Worldwide Christian Group Alarmed by Continuing Rights Violations in Philippines

“We saw and heard the heart-breaking stories of victims of human rights abuses and their family members. We saw and felt the pain of those who have lost loved ones by extrajudicial killings, arbitrary detentions, torture and enforced disappearance,” the nine-member delegation of the World Council of Churches said in a statement.


MANILA — An international delegation of church leaders from the World Council of Churches (WCC) came to the country Dec. 1 and witnessed the continuing human rights violations under the Aquino administration.

The World Council of Churches (WCC) is a worldwide fellowship of 349 churches, denominations and church fellowships in more than 110 countries and territories representing 560 million Christians. It is based in Geneva, Switzerland and has a Special Consultative Status with the Economic and Social Council (ECOSOC) of the United Nations.

The visit is part of the WCC’s “Living Letters” where representatives from other countries make an organized visit to a given host country for a particular compelling reason. They were hosted by the National Council of Churches in the Philippines (NCCP).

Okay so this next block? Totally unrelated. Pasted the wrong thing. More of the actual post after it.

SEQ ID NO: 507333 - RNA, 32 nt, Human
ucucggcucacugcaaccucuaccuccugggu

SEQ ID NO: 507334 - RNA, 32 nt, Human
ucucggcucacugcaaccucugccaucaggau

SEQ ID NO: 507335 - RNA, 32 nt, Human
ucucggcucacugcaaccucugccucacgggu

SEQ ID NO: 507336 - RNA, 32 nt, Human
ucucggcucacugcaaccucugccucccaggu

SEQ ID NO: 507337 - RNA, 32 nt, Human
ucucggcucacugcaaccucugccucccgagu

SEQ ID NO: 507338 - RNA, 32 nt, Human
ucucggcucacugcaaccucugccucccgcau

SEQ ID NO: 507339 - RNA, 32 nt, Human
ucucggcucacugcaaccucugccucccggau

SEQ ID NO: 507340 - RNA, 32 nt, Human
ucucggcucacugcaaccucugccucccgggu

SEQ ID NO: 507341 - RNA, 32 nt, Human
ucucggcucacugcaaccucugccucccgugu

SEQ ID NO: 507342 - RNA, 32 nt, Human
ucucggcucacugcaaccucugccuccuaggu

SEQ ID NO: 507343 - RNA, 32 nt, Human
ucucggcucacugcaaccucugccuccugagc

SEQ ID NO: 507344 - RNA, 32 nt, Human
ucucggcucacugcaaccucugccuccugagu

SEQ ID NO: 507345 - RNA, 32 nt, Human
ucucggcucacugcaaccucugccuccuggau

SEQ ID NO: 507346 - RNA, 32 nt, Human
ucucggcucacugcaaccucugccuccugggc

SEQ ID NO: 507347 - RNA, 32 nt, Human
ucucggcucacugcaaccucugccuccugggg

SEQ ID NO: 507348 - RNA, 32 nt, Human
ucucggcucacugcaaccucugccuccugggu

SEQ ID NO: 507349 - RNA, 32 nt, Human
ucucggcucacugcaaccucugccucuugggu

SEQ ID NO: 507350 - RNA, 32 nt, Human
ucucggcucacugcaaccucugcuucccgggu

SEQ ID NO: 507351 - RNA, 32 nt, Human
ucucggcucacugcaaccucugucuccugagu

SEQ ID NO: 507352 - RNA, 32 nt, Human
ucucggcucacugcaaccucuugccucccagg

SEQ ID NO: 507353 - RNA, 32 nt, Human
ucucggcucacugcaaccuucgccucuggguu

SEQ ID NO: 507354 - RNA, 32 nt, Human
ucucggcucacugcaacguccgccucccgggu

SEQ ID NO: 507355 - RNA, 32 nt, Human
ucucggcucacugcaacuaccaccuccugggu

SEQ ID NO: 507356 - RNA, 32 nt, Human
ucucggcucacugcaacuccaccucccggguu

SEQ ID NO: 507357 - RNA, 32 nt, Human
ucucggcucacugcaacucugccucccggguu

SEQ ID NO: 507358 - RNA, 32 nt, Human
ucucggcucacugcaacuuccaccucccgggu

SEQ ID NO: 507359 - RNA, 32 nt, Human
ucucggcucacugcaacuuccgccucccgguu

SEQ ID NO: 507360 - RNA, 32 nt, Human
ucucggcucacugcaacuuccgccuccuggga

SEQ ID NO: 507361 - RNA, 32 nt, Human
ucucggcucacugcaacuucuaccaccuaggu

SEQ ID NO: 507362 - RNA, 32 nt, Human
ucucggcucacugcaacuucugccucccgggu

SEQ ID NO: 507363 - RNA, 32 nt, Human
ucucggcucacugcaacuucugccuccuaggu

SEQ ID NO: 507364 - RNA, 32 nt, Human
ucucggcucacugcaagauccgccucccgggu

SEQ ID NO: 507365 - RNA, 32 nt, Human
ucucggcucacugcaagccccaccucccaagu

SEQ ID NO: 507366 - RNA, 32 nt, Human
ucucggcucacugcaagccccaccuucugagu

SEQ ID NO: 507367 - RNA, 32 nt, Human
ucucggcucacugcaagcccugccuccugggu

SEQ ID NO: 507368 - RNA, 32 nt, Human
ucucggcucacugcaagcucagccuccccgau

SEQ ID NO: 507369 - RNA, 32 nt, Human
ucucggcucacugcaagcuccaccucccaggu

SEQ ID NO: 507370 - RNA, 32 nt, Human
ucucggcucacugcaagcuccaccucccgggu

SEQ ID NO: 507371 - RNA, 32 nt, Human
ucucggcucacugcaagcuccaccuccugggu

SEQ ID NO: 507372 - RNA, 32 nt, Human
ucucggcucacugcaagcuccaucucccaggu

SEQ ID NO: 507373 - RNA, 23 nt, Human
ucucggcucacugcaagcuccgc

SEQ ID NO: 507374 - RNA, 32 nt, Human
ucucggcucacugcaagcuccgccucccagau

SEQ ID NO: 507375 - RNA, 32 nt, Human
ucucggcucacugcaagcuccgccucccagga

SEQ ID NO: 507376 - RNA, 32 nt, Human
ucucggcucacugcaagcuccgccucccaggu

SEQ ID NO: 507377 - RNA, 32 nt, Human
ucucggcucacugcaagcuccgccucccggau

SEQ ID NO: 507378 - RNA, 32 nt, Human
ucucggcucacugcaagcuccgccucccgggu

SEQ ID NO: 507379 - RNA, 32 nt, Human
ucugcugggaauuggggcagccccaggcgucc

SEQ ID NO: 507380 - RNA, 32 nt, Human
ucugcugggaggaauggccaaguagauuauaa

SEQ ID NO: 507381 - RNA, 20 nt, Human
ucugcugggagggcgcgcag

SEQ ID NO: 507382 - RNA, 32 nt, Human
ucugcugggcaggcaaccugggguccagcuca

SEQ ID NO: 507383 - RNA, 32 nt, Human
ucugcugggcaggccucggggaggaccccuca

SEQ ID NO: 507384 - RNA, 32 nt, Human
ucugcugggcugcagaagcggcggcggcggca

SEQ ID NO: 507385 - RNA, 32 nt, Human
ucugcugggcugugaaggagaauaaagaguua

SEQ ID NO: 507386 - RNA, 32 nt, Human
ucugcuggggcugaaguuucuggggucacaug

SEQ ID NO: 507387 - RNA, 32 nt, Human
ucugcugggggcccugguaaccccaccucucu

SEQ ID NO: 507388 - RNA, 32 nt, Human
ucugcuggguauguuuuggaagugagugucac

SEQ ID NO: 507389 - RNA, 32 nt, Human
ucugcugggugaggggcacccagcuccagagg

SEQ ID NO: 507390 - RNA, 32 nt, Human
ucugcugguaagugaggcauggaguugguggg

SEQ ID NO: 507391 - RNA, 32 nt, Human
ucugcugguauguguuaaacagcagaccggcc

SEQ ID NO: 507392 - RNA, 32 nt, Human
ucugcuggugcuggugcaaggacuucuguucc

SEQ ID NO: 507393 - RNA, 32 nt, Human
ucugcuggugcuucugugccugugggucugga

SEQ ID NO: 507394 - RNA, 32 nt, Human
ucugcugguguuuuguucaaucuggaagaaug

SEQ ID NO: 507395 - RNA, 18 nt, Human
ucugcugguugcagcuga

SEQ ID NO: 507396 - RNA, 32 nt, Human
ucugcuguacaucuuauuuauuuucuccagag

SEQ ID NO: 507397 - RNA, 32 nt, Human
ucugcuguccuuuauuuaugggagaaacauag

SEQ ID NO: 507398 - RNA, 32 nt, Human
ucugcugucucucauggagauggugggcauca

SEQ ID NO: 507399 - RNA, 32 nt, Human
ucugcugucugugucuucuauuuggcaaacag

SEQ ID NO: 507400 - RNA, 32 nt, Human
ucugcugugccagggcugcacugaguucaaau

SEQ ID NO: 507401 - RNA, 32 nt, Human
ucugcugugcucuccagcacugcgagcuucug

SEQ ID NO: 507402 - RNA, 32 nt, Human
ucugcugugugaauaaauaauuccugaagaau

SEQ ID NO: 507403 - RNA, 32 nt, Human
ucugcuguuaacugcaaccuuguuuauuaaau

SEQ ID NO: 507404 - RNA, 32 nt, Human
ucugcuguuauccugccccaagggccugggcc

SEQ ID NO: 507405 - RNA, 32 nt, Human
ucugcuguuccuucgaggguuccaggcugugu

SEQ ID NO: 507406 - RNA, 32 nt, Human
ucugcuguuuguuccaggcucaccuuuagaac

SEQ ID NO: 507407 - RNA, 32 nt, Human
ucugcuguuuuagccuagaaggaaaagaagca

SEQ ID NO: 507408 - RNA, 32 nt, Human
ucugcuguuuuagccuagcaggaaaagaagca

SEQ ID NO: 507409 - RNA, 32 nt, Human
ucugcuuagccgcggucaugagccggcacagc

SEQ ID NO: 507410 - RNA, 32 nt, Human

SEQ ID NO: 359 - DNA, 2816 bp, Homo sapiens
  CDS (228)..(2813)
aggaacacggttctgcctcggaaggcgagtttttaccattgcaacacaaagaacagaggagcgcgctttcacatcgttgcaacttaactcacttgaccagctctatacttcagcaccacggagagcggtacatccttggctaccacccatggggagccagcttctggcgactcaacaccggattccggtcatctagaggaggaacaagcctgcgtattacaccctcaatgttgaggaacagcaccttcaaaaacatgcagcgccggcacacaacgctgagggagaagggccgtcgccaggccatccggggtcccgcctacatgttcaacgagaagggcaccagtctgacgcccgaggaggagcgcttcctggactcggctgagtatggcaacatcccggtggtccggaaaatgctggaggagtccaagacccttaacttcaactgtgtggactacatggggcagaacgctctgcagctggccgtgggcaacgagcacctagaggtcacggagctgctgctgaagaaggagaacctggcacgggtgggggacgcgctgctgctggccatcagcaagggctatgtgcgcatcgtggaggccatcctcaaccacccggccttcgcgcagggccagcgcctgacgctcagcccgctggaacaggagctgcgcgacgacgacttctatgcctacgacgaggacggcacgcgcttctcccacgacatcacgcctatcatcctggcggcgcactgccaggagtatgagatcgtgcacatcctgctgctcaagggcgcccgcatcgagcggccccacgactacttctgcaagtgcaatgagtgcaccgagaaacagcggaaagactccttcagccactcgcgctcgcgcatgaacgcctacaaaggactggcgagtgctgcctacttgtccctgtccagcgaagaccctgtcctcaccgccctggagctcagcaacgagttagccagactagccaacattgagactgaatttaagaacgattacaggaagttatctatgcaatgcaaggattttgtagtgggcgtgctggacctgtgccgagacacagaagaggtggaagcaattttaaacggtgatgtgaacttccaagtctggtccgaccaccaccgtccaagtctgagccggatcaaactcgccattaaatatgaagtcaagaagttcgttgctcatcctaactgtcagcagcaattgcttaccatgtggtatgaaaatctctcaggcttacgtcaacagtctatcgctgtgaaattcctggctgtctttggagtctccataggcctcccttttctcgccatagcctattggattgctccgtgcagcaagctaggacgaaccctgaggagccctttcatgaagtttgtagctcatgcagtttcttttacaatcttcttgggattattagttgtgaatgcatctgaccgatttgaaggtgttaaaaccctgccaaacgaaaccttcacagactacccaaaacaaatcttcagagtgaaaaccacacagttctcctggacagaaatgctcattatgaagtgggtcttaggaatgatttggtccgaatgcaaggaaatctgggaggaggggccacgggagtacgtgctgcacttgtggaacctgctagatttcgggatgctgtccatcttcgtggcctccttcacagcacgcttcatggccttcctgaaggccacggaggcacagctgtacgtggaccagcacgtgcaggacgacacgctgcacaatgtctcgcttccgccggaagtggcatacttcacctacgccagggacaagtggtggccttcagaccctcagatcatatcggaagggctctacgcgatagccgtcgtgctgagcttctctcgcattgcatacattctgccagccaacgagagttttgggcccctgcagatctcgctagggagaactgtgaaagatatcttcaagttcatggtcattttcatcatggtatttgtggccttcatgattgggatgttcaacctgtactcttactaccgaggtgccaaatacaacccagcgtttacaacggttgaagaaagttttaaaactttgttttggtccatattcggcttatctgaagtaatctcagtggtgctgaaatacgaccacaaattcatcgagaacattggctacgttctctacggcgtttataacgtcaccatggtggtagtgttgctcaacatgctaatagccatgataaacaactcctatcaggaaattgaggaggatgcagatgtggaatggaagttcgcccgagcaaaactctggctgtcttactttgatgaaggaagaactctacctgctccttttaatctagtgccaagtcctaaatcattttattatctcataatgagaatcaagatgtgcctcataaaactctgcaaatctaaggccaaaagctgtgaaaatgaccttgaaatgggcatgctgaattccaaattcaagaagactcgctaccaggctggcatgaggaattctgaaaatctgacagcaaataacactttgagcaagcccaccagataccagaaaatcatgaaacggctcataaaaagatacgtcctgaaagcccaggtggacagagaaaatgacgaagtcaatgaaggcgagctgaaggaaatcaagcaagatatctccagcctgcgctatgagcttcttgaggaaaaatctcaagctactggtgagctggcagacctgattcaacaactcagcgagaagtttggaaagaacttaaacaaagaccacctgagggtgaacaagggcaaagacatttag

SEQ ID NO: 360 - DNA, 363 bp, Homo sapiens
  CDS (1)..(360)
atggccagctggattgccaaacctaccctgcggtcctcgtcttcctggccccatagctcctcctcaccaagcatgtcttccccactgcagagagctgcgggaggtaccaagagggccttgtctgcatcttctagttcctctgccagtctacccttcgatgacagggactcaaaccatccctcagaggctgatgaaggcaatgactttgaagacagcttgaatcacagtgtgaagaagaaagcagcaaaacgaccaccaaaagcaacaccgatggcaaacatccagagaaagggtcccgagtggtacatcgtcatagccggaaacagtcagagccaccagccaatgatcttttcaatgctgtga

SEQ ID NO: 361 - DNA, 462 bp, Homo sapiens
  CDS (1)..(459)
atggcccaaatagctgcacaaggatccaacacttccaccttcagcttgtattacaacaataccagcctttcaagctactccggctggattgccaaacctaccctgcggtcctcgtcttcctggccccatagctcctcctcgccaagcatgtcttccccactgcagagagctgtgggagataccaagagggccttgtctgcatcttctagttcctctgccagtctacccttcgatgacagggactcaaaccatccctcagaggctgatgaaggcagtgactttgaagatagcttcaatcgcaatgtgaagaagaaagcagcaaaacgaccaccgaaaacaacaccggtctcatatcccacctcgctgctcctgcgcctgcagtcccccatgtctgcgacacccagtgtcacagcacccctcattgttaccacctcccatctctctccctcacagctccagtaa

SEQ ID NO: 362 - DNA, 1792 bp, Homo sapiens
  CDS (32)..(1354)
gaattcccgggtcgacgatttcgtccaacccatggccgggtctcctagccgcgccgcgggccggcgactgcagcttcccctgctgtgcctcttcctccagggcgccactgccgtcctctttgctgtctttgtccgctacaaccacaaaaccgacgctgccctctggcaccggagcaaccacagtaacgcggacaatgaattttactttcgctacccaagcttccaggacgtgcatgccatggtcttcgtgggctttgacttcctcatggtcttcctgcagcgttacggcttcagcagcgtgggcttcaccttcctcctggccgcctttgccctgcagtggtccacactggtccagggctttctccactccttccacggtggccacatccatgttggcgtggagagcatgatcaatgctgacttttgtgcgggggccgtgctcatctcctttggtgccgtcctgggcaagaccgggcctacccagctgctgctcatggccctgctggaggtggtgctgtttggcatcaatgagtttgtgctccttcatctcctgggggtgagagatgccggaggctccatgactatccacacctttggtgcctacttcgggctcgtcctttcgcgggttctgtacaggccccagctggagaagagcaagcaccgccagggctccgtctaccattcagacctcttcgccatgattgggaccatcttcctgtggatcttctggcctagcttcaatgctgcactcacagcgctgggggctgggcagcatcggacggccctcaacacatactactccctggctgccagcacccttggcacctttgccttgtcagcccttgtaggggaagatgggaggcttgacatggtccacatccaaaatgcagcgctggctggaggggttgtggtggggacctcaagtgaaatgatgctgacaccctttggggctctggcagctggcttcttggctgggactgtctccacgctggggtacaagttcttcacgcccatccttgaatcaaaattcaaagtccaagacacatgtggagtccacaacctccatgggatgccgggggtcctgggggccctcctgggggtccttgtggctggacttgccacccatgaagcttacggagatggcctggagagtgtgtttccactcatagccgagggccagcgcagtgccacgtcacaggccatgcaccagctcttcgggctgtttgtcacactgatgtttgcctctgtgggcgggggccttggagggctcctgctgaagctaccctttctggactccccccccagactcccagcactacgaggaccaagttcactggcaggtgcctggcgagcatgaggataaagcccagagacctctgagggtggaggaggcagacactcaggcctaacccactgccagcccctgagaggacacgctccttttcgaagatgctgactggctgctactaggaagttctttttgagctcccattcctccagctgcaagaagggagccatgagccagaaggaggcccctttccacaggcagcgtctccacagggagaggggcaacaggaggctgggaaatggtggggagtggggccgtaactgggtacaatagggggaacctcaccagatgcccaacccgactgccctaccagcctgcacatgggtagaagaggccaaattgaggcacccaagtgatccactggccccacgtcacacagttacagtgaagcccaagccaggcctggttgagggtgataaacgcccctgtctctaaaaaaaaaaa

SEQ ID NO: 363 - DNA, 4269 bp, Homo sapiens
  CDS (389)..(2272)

Listen to the Rev. Dan Sandu of the Romanian Orthodox Church read the statement by the World Council of Churches about the human-rights violations in the Philippines. [flashvideo file= height=22 width=200 /]

“We saw and heard the heart-breaking stories of victims of human rights abuses and their family members. We saw and felt the pain of those who have lost loved ones by extrajudicial killings, arbitrary detentions, torture and enforced disappearance,” the nine-member delegation said in a statement.

A team visited the Morong 43 and had a dialogue with Secretary Leila de Lima of the Department of Justice while another team visited the workers of Hacienda Luisita. Before that, the delegates also talked with families of victims of human rights violations under both the Arroyo and Aquino presidencies.

The delegation of the World Council of Churches during a press conference on Saturday. (Photo by Ronalyn V. Olea /

The Morong 43 are the 43 health workers arrested on Feb. 6 in Morong, Rizal by about 300 combined elements of the police and military. Thirty-eight are now detained at Camp Bagong Diwa while five have remained under military custody. They started their hunger strike, Dec. 3 to pressure the government for their release.

“I have not seen any change,” Tony Waworuntu, former staff of the Christian Conference of Asia and a member of the delegation, said in a press conference, Dec. 4. Waworuntu first visited the Philippines in 2005 as part of the WCC delegation.

“I am disappointed to see that extrajudicial killings are still happening but I sincerely hope that it will stop,” said Rev. Tara Jewel Curlewis, general secretary of the National Council of Churches in Australia.